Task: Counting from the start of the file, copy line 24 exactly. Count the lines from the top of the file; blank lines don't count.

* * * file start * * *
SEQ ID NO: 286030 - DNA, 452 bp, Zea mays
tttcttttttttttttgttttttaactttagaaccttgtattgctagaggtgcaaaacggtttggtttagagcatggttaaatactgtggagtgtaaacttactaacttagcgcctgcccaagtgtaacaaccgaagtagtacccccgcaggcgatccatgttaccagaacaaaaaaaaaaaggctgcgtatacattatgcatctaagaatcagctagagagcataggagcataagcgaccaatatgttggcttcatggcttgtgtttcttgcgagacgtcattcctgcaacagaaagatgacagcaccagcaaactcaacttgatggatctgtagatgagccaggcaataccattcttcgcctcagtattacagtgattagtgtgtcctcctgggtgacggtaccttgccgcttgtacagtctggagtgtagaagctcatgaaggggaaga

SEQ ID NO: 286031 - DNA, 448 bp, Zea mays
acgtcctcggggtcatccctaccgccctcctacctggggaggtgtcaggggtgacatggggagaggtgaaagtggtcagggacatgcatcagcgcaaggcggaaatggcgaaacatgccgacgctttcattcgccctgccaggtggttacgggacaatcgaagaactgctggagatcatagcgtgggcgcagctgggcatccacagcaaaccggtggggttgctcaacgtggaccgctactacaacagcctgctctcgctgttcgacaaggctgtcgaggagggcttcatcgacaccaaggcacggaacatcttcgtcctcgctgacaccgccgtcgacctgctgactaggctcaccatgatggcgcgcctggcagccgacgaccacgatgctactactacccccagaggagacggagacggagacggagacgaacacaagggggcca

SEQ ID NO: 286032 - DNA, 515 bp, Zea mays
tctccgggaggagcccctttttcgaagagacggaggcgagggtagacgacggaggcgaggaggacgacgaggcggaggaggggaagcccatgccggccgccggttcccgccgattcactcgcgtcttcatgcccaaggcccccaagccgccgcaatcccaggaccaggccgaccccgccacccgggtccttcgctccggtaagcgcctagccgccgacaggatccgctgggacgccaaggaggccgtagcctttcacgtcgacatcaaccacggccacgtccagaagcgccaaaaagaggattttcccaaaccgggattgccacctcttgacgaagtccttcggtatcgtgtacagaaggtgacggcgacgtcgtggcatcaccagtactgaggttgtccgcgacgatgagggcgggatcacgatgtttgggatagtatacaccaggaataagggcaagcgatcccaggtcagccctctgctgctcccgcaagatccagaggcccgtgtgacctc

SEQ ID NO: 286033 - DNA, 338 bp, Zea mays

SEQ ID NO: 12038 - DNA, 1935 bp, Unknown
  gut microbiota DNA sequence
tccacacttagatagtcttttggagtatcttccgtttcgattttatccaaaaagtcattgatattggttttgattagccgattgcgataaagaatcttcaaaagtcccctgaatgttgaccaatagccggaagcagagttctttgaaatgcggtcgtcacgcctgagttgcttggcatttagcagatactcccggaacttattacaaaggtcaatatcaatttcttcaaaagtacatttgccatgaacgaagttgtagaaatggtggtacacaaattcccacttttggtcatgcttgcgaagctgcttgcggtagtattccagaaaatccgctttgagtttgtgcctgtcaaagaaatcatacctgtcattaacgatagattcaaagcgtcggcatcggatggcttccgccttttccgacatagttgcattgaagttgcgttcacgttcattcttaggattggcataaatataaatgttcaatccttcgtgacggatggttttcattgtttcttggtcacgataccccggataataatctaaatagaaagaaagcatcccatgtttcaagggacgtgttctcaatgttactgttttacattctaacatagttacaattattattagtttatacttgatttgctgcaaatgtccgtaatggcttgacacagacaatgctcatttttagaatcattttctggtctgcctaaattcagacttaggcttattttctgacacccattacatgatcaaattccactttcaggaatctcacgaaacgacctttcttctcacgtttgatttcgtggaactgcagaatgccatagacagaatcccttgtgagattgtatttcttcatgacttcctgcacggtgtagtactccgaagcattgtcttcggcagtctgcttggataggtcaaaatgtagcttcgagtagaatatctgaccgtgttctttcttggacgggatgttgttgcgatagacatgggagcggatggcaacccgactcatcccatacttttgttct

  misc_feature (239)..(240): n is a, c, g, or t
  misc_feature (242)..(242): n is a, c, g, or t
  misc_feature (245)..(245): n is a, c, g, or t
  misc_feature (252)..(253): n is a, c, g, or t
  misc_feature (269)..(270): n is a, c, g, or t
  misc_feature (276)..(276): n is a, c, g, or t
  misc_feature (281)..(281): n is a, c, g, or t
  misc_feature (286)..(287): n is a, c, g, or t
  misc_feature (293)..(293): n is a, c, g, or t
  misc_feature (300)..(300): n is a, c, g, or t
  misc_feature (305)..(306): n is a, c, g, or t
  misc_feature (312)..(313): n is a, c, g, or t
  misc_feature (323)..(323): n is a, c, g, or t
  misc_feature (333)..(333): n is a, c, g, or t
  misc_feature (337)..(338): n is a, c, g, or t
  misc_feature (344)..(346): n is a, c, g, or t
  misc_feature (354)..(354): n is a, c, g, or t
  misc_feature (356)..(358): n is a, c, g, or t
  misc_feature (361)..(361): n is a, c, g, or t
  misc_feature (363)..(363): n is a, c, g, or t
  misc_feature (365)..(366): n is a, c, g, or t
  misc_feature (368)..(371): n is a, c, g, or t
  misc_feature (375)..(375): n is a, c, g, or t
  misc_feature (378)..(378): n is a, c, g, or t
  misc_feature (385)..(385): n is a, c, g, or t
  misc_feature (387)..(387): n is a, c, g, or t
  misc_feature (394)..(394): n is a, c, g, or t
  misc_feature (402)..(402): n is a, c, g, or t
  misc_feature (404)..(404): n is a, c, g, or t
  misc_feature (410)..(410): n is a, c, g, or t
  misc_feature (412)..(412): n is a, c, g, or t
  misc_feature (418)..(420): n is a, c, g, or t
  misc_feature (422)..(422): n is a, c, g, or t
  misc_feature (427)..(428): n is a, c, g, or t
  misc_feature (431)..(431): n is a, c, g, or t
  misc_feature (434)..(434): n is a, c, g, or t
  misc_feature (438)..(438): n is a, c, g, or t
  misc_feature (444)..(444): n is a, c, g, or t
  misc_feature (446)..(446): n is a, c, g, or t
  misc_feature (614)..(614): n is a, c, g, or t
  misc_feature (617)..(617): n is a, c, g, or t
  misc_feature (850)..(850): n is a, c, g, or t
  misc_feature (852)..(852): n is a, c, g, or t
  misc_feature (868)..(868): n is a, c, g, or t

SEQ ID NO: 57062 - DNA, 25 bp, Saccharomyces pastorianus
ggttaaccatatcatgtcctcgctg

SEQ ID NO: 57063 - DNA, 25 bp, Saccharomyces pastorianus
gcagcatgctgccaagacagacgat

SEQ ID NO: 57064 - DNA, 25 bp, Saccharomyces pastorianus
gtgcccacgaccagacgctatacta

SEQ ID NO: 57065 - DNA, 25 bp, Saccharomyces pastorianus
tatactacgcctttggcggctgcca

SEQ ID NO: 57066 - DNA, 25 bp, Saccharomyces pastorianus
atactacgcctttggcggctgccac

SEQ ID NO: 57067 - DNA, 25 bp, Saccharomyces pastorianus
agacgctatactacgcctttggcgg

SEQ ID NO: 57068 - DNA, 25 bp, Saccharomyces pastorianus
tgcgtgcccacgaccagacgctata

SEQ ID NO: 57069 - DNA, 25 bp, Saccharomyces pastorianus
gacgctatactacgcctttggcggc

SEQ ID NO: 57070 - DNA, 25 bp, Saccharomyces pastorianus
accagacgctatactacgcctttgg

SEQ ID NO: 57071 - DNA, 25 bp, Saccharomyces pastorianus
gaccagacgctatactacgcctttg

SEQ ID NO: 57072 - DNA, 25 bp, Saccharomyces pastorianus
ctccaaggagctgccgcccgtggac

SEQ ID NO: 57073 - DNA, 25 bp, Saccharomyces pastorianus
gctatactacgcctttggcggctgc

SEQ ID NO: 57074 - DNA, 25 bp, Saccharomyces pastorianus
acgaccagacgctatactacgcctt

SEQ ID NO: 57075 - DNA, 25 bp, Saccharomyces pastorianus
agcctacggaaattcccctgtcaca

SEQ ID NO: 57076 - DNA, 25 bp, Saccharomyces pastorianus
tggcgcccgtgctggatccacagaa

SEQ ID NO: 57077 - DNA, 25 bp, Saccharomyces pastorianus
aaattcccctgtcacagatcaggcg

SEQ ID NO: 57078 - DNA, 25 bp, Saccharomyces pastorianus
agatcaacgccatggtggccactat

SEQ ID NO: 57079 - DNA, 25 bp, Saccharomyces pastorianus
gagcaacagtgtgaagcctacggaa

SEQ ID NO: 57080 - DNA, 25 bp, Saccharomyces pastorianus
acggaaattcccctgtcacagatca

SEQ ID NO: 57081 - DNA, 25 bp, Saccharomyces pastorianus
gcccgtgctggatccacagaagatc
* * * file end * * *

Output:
  misc_feature (333)..(333): n is a, c, g, or t